Let $K$ be an (abstract) simplicial complex. The claim is: $H_0(K;\mathbb{Z})$ is always nonzero. Is this possible to prove it without any "special techniques to computing homology-groups"? $H_0(K;\mathbb{Z})=\mathrm{ker}(\delta_0)/\mathrm{im}(\delta_1)$, $\delta_n$ is the boundary operator and $\delta_0:=0$. Therefore I have to compute $C_0(K;\mathbb{Z})=\mathbb{Z}[\Sigma_0]=\mathrm{ker}(\delta_0)$, $\Sigma_0$ is the set of the 0-simplices. And $\delta_1\colon C_1(K;\mathbb{Z})\to C_0(K;\mathbb{Z})$. I only know how to compute homology groups of simple examples of a simplicial complex. Maybe I have to wait if I get more information in lecture next week. Or is it possible to prove the claim without any useful theorems and only with the definition of homology group? Regards

  • 1
    $\begingroup$ Well, it's not always nontrivial. If your notion of simplicial complex allows for the empty complex, then the 0th homology can be trivial. But provided your complex is non-empty yes, you can prove it is always non-trivial. Look up the definition of reduced homology and the proof that the reduced homology has rank one less than the normal homology (in dimension zero). $\endgroup$ Oct 23 '14 at 22:52
  • $\begingroup$ Note that the boundary of a $1$-chain always has even parity. [The boundary of a $1$-simplex is of the form $1\cdot e + (-1)\cdot s$.] Thus any $0$-cahin of odd parity is not a boundary. Since, if the complex isn't empty, there are always $0$-chains of odd parity ($1\cdot p$), the quotient $H_0(K;\mathbb{Z})$ is nontrivial. $\endgroup$ Oct 23 '14 at 23:13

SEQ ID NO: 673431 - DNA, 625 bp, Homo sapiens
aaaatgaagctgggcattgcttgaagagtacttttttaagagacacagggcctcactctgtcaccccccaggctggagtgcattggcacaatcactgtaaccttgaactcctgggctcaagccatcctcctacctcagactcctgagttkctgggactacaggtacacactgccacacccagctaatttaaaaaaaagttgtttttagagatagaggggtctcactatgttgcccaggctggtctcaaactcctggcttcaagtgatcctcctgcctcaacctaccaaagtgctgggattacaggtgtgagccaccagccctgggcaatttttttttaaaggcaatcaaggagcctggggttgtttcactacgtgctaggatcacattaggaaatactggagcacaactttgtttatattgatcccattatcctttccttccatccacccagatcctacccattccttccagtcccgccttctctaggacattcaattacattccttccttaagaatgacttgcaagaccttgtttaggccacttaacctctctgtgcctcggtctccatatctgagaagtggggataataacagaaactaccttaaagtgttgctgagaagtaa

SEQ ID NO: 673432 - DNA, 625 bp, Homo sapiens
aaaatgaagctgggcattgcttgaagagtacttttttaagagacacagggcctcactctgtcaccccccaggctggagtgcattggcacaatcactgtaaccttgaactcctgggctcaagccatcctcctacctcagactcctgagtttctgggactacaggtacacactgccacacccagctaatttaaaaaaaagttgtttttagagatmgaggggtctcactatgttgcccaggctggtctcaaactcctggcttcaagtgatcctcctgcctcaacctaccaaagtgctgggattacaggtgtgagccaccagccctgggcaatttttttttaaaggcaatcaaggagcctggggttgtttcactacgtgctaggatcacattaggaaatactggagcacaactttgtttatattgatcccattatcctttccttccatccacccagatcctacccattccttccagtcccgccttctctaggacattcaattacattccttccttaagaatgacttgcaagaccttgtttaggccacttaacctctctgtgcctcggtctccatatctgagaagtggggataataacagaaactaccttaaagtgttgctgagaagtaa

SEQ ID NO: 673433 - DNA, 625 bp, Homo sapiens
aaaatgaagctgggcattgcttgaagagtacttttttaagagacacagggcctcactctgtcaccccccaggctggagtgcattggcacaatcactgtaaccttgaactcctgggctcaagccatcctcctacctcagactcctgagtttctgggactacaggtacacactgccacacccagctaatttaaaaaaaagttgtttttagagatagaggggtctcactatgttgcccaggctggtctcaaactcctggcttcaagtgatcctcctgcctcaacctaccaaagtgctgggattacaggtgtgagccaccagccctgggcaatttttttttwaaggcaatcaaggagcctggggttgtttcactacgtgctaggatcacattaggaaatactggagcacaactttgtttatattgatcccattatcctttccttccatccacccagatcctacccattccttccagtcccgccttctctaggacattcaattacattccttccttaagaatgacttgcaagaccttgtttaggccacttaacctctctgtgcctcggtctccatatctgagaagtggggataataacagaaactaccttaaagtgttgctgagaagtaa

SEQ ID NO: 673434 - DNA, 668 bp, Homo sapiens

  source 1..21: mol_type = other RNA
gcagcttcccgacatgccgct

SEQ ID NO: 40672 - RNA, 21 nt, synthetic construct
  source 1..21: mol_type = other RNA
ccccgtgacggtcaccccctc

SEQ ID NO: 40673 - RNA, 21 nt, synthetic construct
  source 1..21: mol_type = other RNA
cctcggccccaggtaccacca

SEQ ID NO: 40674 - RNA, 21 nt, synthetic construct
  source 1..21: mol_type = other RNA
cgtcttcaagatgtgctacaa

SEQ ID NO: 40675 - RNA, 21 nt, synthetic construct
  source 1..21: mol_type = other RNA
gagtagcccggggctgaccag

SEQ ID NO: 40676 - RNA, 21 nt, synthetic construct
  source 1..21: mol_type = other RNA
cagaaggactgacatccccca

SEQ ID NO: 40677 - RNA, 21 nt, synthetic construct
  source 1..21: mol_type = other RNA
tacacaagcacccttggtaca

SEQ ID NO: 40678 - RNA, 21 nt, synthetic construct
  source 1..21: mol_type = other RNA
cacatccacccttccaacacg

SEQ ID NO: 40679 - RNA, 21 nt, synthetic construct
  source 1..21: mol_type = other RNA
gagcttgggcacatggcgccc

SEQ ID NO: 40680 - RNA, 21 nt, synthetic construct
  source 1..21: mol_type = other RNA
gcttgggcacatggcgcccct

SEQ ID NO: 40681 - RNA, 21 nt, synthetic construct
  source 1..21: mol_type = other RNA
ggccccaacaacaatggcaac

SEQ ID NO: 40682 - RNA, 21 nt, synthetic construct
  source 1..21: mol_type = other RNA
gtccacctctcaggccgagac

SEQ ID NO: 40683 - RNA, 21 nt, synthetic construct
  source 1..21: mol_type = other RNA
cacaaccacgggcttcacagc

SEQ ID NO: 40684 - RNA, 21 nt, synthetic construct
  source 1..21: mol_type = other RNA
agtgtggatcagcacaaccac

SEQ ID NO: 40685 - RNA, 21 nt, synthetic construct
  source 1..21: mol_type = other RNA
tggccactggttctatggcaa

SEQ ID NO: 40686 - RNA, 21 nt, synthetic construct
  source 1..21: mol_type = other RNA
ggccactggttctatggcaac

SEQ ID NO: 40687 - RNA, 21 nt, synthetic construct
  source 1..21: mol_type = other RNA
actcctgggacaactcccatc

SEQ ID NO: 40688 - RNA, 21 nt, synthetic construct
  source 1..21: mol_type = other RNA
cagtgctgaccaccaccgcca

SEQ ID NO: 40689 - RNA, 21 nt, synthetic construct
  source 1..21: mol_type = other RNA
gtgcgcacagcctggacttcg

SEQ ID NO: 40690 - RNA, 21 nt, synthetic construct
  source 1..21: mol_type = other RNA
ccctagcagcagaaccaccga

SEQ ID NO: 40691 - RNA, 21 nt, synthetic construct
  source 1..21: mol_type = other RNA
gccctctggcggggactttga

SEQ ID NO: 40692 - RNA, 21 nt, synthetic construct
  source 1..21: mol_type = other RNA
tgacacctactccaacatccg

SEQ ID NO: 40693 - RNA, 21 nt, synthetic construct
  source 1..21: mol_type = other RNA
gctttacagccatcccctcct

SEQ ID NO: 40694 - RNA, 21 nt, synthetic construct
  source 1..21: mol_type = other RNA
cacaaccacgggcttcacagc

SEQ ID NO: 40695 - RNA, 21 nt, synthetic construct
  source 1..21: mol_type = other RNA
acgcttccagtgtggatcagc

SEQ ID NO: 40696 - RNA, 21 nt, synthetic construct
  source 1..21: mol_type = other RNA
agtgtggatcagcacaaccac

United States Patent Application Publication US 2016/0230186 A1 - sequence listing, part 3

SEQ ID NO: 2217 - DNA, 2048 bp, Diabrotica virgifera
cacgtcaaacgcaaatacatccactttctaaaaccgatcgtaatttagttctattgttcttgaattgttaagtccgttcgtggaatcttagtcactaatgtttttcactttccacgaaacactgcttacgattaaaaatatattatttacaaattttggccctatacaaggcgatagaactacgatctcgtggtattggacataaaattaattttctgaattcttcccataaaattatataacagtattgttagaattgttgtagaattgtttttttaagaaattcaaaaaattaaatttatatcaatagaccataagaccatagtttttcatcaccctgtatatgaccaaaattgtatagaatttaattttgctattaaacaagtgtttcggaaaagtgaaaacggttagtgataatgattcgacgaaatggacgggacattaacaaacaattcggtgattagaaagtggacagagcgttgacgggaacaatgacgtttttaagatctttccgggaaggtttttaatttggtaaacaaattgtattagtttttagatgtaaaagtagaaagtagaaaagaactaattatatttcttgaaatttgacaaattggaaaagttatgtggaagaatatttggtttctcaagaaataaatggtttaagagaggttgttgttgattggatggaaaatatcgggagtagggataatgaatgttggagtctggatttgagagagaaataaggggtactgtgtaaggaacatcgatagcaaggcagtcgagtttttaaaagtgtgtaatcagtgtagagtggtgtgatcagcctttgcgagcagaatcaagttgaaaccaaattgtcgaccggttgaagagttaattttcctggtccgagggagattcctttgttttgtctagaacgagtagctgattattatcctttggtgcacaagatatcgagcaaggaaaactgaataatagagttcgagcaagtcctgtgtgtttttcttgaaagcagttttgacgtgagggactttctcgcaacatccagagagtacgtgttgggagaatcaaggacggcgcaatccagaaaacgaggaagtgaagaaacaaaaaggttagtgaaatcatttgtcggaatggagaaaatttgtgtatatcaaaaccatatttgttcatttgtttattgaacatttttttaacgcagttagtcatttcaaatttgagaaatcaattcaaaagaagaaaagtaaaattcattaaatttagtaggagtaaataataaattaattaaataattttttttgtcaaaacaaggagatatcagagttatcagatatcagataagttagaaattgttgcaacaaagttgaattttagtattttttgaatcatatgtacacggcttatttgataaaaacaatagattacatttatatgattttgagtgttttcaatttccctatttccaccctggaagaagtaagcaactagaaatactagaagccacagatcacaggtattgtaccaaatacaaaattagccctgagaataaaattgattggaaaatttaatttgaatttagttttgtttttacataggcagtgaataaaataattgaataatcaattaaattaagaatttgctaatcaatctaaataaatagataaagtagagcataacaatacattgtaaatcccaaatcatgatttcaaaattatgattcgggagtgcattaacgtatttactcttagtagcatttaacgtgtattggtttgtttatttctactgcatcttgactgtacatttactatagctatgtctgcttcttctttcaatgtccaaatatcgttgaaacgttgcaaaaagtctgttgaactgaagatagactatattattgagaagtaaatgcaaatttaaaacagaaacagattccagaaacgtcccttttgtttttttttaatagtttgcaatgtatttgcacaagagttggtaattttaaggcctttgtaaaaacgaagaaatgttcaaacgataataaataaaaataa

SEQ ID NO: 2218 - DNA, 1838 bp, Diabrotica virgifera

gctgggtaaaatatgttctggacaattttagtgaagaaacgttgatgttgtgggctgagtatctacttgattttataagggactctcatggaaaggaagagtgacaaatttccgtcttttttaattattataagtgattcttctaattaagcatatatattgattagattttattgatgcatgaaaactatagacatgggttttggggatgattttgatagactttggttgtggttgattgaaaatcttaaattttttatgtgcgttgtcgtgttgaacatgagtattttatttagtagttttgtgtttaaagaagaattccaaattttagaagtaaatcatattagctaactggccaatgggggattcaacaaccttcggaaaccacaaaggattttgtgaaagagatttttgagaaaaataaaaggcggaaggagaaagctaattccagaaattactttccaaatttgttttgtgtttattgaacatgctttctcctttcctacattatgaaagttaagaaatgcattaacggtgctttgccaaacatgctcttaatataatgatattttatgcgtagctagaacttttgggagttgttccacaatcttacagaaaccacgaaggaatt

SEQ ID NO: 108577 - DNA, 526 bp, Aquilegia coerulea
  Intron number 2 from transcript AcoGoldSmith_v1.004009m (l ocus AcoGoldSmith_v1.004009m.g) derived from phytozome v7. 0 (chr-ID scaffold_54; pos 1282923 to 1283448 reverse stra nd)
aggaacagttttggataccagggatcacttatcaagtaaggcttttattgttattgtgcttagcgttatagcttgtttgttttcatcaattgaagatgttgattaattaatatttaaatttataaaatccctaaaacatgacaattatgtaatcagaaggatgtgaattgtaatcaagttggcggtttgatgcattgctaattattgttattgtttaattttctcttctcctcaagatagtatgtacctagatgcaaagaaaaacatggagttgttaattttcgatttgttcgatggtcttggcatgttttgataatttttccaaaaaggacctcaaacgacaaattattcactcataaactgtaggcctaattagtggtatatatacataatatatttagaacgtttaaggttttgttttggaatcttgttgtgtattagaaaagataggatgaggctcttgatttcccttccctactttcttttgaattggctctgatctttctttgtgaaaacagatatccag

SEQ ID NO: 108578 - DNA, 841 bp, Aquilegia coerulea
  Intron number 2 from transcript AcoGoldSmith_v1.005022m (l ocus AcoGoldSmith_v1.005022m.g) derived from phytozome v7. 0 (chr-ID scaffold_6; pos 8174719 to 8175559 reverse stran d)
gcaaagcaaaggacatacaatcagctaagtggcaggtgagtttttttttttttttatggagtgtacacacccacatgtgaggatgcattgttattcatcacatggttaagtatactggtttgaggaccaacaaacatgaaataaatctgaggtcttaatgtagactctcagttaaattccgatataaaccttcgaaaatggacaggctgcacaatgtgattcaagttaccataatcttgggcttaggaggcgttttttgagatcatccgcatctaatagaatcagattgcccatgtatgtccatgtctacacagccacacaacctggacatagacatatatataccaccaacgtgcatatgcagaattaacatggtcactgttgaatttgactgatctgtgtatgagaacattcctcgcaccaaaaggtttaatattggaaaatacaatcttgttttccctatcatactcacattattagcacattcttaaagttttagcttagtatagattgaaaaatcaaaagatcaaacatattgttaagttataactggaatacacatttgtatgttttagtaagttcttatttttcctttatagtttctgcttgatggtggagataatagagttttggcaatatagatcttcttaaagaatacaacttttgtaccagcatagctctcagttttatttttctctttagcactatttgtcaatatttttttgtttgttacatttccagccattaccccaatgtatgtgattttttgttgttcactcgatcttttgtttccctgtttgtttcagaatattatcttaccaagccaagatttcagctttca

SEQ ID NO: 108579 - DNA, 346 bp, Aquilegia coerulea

• $\begingroup$ thank you. Ryan, i dont know the reduced homology, but thank you for your idea. i will try to understand it. and Daniel: thank you. i understand it but i needed a few days^^. $\endgroup$
    – user151465
    Oct 29 '14 at 9:06

The short answer is that $\mathrm{im}\partial_1$ is contained in the subgroup $B$ of $C_0$ given by

$\{\sum \lambda_i v_i : \sum \lambda_i = 0, \lambda_i \in \mathbb{Z}, v_i \in K_0\}$

This subgroup is proper as soon as $K_0$ is non-empty: $v \notin B$ for $v \in K_0$.

The long story is that you can slightly change your simplicial complex by adding a single $-1$ simplex, $*$. So $C_{-1} = \mathbb{Z}[*]$, and define the boundary of any vertex simplex to be $*$.

This makes more sense than it seems to at first. The definition of a simplicial complex says it's a "family of non-empty finite sets closed under the operation of taking non-empty subsets" [wikipedia]. If you get rid of the totally unnecessary requirement that the subsets be non-empty, you get the $-1$ simplex corresponding to the empty set naturally.

Now the boundary maps of satisfy the face identity: $d_i \circ d_j = d_{j-1} \circ d_i$ for $i < j$.

In other words taking a simplex $[0,1...,n]$ and omitting the $j$th vertex and then the $i$th gives you $[0,1,..\hat{i}...\hat{j}...n]$. This is the same as omitting the $i$th vertex first, and then in the new simplex $[0,1,...\hat{i}...n]$ omitting the $j-1$st vertex.

The face identity is the key ingredient in showing that $\partial^2 = 0$! So the same argument tells you that after adding $C_{-1}$ to you complex is still going to have $\partial^2 = 0$.

If your simplicial complex is non-empty it has at least one vertex and that doesn't get mapped to 0 any more. It's sent to $*$. This says that the zeroth homology of the extended complex $\tilde{H}_0$ is strictly smaller than the original homology $H_0$.

  • $\begingroup$ thank you, i understand it. i see, there are lots of possibilities to prove this. i have an other proof now, but alternative ways are always good. $\endgroup$
    – user151465
    Oct 29 '14 at 9:11

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